The Assassination of Jesse James by the Coward Robert Ford Blu-ray Review
PictureThis Warner disc comes to us on region free BluRay using the Warner preferred VC-1 codec at 1080p. The aspect ratio is quoted at 2.40:1, slightly wider than it's theatrical release. As mentioned earlier the colours are desaturated and we're left essentially with sepia like tones which suits the nature of the film. There's also a slight level of grain throughout again suiting the period the film relates to.
Flesh tones come across well, never showing any reddening cheeks apart from the end theatrical productions where extensive makeup is naturally in use. Whites bloom occasionally though with some sky shots sometimes not differentiating the wisp like clouds that are almost there. Darker scenes fare much better though with shadow detail holding up particularly well in say the woods at the start, porch scenes with Pitt and Affleck bantering with each other or the often dimly lit interiors.
With regard to other high definition releases though this lacks a sense of three-dimensionality often coming across as rather flat in comparison to some other premium releases. During close up shots detail is more than apparent with pore and hair structure easily identified, but it's some distant shots which suffer a little reducing the feeling of depth within the whole image. The image shows no signs of any encoding problems; thankfully edge enhancement, blocking or noise are nowhere to be seen here.
SoundUnusually all that is available for English listeners is a standard Dolby Digital 5.1 track, don't get too despondent about this though as it's certainly no slouch. All channels are used to create a definite feeling of ambience. During the woods scene at the start there are mosquitoes buzzing around and I swear I ducked my head as one flew from my rear right surround, over my head and into the front stage. Like Ford himself I almost slapped my neck thinking I had been bitten!
The crack of gunfire sometimes comes across a little weak or high toned, but in the very next scene this is eclipsed by some thunderous gunshots which echo around the landscape and as such around your system as well. Dialogue is crisp and clear if only a little muffled by some Southern drawl that all of the main characters exhibit, other surrounding voices and discussions can easily be heard from either the wide frontal array or in your surrounds. Rain and wind comes across well again in use with the rears contributing again to the ambience already mentioned.
LFE is fleeting but apparent in the steam trains, horses hooves and it's always tight and well used. Mid range and higher tones are the offer of the day predominantly though. This is a controlled soundtrack which doesn't give any more than is absolutely necessary and you'll be surprised by some of the effects contained within.
ExtrasThere's only the one extra included in this disc a short 30 minute EPK The Assassination of Jesse James: Death of an Outlaw. Jesse's history is discussed by some leading historians, from his humble roots as a preacher's son to enrolment in the Confederate Militia from where he eventfully learned his trade as outlaw. It becomes apparent from this all too short a feature why the South in particular would have found him a hero. Some cast members are interviewed relaying their opinions on Jesse James or Robert Ford and it's a good enough piece but I do wish it was a little longer and a bit more in depth.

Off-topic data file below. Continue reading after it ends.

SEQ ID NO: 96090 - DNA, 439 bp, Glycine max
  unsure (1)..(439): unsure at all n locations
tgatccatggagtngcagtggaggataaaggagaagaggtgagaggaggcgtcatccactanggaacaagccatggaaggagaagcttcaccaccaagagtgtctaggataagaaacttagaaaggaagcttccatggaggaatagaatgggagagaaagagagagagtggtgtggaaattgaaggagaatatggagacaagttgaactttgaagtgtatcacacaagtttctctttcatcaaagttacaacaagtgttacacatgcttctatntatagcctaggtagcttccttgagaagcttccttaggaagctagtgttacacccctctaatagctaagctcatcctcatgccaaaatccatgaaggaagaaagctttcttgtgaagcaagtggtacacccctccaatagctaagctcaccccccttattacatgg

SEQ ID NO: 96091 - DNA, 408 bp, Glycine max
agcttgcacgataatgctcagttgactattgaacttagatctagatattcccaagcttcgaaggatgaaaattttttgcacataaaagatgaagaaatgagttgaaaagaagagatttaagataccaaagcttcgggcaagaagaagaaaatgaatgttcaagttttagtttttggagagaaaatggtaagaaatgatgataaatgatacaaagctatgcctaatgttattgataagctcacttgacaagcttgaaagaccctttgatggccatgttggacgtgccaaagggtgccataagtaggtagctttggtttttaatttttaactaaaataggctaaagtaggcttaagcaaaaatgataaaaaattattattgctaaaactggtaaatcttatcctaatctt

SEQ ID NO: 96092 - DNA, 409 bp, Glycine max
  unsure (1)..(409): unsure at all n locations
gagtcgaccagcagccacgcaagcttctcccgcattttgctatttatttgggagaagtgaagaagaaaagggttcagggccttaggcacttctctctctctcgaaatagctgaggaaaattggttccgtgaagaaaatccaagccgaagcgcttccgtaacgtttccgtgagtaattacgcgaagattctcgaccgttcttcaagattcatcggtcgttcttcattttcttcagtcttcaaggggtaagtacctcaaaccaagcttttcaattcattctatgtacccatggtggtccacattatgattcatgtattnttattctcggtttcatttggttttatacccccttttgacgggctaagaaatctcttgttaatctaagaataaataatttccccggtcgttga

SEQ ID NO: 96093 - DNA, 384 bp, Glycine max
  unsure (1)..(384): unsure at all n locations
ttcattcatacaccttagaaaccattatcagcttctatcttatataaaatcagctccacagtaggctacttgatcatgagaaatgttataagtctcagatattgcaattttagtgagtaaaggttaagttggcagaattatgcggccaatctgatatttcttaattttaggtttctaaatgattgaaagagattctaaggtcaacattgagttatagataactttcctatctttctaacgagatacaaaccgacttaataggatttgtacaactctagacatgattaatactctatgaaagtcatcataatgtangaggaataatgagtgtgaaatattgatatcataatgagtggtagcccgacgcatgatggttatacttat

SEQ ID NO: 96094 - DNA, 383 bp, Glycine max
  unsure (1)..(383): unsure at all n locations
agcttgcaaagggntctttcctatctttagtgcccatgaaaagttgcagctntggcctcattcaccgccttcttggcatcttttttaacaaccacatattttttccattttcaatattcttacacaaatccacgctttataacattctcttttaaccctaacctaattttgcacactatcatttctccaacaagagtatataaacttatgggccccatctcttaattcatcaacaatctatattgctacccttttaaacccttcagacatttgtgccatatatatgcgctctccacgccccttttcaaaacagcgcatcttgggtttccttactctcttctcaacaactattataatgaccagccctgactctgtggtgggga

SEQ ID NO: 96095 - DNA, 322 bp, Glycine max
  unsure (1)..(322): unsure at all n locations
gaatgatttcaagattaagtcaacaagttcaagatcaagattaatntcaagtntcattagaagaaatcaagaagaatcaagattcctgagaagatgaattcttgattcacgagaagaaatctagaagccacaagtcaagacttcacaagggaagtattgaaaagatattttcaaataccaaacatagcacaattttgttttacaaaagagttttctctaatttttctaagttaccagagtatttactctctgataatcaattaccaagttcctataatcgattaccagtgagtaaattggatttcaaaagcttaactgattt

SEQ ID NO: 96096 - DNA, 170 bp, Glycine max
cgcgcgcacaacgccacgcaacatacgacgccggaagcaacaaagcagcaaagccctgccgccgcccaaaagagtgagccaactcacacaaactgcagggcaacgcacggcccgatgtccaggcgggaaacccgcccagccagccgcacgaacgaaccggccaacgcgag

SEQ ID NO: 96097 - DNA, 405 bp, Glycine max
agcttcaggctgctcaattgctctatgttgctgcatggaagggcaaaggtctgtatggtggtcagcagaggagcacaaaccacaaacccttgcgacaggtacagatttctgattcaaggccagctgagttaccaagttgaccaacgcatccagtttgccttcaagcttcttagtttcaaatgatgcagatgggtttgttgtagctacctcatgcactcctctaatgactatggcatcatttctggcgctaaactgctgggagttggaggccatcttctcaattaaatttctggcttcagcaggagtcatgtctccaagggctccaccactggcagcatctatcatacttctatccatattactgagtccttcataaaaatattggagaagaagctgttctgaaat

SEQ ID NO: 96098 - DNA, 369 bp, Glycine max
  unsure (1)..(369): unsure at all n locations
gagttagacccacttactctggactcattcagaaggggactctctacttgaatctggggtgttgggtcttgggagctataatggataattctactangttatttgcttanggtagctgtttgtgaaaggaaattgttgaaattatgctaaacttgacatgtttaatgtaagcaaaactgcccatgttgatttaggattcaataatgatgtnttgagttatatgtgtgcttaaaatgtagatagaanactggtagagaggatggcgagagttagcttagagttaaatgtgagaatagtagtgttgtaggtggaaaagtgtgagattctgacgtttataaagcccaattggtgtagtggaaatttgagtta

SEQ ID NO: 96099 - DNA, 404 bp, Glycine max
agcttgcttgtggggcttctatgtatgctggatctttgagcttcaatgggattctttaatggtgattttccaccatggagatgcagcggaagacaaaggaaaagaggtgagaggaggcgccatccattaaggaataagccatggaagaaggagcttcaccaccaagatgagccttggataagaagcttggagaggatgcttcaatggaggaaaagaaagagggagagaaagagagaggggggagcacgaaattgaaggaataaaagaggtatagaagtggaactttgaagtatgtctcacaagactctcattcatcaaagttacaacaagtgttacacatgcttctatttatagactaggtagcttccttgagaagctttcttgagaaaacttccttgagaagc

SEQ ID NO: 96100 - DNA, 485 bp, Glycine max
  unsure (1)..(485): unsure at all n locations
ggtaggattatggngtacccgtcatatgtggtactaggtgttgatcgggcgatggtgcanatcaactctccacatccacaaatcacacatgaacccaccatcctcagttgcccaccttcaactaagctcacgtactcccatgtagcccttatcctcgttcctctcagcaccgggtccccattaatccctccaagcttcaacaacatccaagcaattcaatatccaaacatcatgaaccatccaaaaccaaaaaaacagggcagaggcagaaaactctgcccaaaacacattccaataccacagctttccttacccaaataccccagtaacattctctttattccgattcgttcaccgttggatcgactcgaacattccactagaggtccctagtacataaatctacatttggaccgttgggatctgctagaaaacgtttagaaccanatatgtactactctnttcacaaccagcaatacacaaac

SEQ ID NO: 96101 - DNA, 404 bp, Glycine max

One first look I thought I might have been reviewing a Fox release but then I realised that even this EPK was too much for them. There's so much more that could have been done for this disc as a whole, both characters having major history which really deserves further attention. A let down really.
VerdictThe Assassination of Jesse James by the Coward Robert Ford, a title which had not to be changed according to Pitt's contract, is a wonderful inspection not only of two complex characters from history but how history itself was shaped and how it evolved in the west from gunfighter to modern day star. Pitt and Affleck produce two stunning performances, but really you have to look at Affleck and commend him for the job he has done here; I didn't really expect too much of Ben's younger brother and I was pleased to be proved very wrong.
The disc suffers by a lack of extras and I feel that there's no real excuse for this unless the production as a whole was on a limited budget. There's a wealth of information on these two that any amount of extra content could have been filmed and added.
What's left though is still worthy of a purchase never mind rental, it's a film I shall certainly revisit every now and again to see Ford's youthful idolisation be stripped away, turned into fear and hatred by a man who himself mistrusts all around him. Highly recommended.
Suggested retail price when reviewed: £22.31
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